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Tamil film on Ramanujam to hit screens soon

A biopic on the Tamil mathematical wizard, Srinivasa Ramanujam, will underline the callousness with which we treat our geniuses.

regional movies Updated: Nov 17, 2013 13:45 IST
Gautaman Bhaskaran

Ignored by India during his early years, Ramanujam came into the country’s consciousness only after the West called him a mathematical mastermind. A case quite identical to Satyajit Ray’s, whose presence was acknowledged in his native Bengal only after his debut feature, Pather Panchali, won an award at Cannes in 1956.

The great Ramanujam will come alive onscreen through the biopic. To be made in Tamil and English, the movie, Ramanujam, is being helmed by Gnana Rajasekaran with Abhinay -- grandson of Kathal Mannan (king of romance) Gemini Ganesh and actress Savithri -- playing the title role. Rajasekaran’s work assumes great significance as few in this generation know about Ramanujam’s contribution to the world of figures.

Born in Tamil Nadu’s Erode, the prodigy studied in the nearby temple town of Kumbakonam. He settled in Chennai (then Madras) but was shunned by the nation’s literati. That is till the West looked at him.

Abhinay is the grandson of King of Romance, Gemini Ganesh, and actress Savithri

British mathematician GH Hardy realised that Ramanujam was one of the greatest wizards in the field despite growing up with no formal training and far away from the cream of scientific community, which was confined to Europe.

Hardy invited him to Cambridge where the two worked together before malnutrition and illness killed Ramanujam in 1920 at the age of 32. During his short life, he independently compiled 3900 results -- mostly mathematical identities and equations -- and almost all of them have been proved correct.

During a recent shoot in an old bungalow in Chennai, the team was picturising a scene where we see a tuberculosis-struck young Ramanujam resting by his bed and working on his mathematical discoveries.

Rajasekaran, the Indian Administrative Service (IAS) officer-turned-moviemaker, said that he is fascinated by biopics. He already has two to his credit -- one on Tamil poet Bharati and the other on Tamil social reformer, rationalist and father of the Dravidian movement Periyar or EV Ramasamy.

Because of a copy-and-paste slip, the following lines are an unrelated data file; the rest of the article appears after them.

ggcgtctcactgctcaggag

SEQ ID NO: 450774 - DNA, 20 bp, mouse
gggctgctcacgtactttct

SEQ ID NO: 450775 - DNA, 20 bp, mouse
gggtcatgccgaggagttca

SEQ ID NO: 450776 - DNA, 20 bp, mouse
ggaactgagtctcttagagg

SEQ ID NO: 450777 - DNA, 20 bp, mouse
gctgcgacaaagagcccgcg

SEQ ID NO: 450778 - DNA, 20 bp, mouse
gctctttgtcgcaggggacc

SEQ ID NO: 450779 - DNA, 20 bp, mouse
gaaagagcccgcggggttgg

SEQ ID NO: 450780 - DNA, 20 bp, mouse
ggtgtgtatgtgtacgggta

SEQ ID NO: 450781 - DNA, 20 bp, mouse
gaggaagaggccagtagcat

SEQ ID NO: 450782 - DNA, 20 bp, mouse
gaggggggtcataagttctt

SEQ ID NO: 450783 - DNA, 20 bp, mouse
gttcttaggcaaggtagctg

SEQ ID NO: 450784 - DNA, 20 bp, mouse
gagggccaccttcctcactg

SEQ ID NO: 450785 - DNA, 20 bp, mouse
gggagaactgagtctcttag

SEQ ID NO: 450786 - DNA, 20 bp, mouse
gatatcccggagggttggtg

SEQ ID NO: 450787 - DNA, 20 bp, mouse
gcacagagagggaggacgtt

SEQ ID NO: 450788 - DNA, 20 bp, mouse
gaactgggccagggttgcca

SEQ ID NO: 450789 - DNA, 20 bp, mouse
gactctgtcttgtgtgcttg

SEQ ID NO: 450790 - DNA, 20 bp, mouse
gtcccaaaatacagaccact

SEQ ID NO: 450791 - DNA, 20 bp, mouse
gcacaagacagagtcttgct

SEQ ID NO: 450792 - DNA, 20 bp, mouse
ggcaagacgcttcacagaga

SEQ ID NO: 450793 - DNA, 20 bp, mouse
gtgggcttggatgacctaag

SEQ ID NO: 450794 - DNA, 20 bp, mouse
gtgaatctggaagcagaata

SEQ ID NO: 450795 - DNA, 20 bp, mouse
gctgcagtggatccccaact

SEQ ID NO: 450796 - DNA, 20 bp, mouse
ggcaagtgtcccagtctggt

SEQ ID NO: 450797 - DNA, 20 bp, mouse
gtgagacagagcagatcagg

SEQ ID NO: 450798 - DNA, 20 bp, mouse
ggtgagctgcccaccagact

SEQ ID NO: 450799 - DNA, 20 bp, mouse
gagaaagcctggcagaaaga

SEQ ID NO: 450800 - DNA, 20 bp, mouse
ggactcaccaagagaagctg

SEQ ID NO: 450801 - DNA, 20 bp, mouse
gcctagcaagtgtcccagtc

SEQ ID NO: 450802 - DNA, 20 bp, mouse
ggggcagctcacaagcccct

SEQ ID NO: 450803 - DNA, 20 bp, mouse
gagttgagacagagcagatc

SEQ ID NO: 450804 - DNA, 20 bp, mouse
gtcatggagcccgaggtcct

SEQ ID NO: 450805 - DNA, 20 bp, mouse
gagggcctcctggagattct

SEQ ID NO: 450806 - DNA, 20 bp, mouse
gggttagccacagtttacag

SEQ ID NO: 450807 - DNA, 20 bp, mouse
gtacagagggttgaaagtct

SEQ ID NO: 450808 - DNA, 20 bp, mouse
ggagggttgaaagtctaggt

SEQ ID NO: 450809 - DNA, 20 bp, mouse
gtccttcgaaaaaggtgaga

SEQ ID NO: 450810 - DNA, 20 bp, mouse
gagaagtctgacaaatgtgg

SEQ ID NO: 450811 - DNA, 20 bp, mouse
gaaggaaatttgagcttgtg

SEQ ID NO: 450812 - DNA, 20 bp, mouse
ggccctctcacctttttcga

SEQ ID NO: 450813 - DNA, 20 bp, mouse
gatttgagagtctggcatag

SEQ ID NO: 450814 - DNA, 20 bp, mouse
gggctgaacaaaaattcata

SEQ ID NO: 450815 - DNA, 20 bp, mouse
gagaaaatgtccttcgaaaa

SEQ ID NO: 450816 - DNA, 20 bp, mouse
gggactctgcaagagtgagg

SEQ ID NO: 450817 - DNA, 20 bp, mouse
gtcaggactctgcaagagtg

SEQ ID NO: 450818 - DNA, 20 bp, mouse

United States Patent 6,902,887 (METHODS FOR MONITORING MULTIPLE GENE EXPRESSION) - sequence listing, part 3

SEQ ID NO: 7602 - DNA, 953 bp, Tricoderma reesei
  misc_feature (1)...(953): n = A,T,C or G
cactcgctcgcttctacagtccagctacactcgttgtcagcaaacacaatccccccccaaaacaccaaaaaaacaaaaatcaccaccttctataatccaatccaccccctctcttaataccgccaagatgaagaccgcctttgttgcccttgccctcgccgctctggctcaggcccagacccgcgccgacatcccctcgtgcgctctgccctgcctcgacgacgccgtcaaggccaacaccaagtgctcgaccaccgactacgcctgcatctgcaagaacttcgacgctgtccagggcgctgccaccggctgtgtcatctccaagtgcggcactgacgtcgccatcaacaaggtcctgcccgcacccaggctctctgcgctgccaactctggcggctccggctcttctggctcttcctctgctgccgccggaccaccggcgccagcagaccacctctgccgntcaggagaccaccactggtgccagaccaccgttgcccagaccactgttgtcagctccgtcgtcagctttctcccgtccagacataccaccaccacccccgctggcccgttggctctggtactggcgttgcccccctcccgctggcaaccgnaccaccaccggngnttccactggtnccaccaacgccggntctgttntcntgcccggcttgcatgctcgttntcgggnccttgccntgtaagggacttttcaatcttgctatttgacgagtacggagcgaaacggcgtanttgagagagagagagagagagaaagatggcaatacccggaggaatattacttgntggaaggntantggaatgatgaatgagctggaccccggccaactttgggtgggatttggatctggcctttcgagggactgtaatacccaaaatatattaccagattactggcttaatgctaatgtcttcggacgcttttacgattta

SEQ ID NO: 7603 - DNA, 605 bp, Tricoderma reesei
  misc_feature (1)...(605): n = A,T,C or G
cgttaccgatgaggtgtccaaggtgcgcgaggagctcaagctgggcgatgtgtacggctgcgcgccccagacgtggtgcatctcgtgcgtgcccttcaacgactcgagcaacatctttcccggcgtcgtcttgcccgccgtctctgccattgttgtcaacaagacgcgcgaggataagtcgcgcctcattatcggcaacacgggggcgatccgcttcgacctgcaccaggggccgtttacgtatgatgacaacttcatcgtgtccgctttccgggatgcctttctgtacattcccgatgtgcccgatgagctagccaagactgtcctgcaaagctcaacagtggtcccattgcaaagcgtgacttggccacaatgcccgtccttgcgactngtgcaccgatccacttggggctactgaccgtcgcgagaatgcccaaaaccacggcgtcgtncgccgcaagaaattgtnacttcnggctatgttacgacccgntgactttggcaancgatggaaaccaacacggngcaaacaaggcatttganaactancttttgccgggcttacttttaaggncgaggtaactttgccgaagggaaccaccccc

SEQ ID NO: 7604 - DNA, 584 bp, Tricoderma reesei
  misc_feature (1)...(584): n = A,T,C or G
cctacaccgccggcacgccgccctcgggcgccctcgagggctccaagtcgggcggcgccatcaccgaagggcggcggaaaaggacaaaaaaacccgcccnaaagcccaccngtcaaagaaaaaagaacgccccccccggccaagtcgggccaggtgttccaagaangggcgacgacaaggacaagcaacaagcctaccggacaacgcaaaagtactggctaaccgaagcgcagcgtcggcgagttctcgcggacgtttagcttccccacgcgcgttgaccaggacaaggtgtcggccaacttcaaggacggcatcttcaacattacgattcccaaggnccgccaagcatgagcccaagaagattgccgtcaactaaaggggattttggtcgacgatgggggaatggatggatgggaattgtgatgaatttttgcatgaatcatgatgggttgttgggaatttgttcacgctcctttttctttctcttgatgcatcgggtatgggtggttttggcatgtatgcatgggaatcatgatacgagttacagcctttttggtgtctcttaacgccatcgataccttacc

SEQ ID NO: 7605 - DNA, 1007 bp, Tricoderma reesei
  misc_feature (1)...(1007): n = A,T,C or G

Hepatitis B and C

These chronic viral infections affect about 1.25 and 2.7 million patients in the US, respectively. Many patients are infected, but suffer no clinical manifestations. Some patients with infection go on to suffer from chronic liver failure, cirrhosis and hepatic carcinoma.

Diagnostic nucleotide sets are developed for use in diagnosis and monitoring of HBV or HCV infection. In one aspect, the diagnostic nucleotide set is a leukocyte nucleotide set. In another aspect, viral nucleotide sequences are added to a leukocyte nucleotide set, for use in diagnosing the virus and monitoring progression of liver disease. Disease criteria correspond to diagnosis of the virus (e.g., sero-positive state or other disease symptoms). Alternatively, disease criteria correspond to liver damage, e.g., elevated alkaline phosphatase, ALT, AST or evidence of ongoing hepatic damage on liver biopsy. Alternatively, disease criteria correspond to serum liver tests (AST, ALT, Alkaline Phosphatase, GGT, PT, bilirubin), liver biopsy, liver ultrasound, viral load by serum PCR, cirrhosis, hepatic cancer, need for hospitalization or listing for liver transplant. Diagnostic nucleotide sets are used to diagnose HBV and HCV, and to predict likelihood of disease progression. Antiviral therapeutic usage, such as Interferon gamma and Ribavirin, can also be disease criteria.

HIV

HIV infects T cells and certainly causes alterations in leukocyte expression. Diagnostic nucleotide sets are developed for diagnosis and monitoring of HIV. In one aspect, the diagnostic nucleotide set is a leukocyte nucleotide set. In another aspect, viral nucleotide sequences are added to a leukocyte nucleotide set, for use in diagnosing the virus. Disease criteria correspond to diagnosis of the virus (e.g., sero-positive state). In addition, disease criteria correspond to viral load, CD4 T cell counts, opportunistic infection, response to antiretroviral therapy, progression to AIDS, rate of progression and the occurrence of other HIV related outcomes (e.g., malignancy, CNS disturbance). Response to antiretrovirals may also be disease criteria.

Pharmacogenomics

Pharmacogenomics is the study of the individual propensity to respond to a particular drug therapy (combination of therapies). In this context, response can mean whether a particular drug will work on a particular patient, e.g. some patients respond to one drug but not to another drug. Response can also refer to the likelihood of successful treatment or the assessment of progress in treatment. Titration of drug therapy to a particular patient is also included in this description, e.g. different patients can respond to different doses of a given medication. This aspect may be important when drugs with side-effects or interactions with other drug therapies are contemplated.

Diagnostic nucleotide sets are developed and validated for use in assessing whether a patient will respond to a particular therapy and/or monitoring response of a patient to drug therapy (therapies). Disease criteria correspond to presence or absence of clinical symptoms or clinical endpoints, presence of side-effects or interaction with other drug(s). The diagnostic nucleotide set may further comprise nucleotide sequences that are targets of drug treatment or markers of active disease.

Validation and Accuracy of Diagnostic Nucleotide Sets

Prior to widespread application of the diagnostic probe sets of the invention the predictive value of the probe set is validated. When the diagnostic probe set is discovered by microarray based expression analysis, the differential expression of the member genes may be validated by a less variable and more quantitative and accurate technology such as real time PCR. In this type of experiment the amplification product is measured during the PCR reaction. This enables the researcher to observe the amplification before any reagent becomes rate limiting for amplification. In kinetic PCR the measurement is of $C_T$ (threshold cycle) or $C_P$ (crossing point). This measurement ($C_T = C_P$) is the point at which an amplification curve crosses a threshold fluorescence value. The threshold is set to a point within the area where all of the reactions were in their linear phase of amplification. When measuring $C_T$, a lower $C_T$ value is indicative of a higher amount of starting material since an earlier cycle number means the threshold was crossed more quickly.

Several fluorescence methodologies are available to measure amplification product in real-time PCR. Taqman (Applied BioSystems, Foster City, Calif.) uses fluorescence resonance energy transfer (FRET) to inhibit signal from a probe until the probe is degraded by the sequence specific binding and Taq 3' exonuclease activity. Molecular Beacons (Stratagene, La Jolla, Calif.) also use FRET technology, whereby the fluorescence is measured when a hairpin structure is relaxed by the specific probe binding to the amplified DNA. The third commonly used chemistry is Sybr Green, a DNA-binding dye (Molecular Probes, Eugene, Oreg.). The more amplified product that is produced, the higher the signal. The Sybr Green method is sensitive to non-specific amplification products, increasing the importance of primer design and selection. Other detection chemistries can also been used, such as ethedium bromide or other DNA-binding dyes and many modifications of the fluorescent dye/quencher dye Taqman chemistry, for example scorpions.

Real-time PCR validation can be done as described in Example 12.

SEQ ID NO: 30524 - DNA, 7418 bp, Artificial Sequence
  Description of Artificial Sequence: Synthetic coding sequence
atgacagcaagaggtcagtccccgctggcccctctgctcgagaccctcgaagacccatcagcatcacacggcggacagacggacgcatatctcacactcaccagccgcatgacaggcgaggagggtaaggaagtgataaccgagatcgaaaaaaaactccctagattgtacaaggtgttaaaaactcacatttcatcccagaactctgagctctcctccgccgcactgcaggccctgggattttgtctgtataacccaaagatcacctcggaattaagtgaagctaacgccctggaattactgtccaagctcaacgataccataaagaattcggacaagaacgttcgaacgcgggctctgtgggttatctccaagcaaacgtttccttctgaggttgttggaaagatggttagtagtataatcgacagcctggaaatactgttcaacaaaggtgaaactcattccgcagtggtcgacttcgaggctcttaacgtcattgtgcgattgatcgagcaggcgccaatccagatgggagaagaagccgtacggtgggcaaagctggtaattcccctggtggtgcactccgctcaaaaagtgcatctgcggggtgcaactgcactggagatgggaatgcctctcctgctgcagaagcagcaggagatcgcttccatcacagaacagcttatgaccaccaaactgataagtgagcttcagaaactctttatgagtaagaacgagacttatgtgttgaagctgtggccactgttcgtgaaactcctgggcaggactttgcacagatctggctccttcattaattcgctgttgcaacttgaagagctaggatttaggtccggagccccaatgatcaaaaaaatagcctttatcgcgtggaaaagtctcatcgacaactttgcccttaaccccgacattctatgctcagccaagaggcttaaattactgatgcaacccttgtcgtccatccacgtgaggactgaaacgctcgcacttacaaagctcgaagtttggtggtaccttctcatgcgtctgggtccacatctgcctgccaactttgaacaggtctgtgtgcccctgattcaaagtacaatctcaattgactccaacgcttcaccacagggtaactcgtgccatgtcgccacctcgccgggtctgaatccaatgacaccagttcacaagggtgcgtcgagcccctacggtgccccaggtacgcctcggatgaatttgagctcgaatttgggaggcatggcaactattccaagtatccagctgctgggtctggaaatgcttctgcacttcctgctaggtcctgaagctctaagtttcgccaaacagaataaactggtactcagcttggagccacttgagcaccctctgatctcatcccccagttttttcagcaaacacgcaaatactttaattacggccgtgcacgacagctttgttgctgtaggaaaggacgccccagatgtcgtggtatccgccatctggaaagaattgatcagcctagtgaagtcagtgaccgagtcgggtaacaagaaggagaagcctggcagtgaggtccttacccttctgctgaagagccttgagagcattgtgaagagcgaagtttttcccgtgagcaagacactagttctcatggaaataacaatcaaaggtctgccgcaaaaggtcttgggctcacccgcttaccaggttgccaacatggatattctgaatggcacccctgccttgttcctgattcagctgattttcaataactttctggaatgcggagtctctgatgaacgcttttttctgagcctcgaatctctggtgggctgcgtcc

One would suppose that the film on Ramanujam would have a great appeal at home and outside, given the impetus that is now being given to the life and work of the prodigy.

A writer by choice, Rajasekaran dabbled in Marathi theatre during his four-year stint with the ministry of home affairs in Mumbai. His father’s death and his last wish to see his son as an IAS officer impelled Rajasekaran to pursue a career in administration.

But luck seemed to hold his hand. While earlier at the ministry, he was given an assignment in the photo department, his first IAS posting was in Kerala, a state where cinema and culture are held in high esteem. Recognising his interest, he was asked to head the Kerala Film Development Corporation.

It was during his Kerala days that Rajasekaran made his first movie called Mogamul (1994), a plot that was syrupy and soapy, but radical for those times. It dealt with a young boy falling in love with an older woman. Bharati and Periyar followed in 2000 and 2007 respectively, and with Ramanujam, the director appears to have completed his trilogy of great Tamils.

Rajasekaran’s latest biopic begins in 1887, the year Ramanujam was born, and ends with his death in 1920. The film unit had a 15-day schedule at Cambridge, where the strictest of conditions were imposed. A professor was assigned to make sure that the crew and cast did not filthy the place (something common among Indian cinema guys), and they were not even allowed to touch the walls.

Earlier, the movie was shot at the house in Kumbakonam where Ramanujam spent his boyhood. The building is preserved by the Sastra University. The camera then panned to among other places the Town School and the Government College in the same city where Ramanujam studied, and then to the Chennai Port Trust, where he worked as a clerk.

Rajasekaran says that his aim in making the film was to underline the callousness with which we treat our prodigies and geniuses. “One of the biggest problems in India is the way talent is suppressed by society, often through marriage. You get the man married and burden him with domesticity, as Ramanujam was,” Rajasekaran said. He hopes that his film would help the country realise how wrong it is to ignore greatness.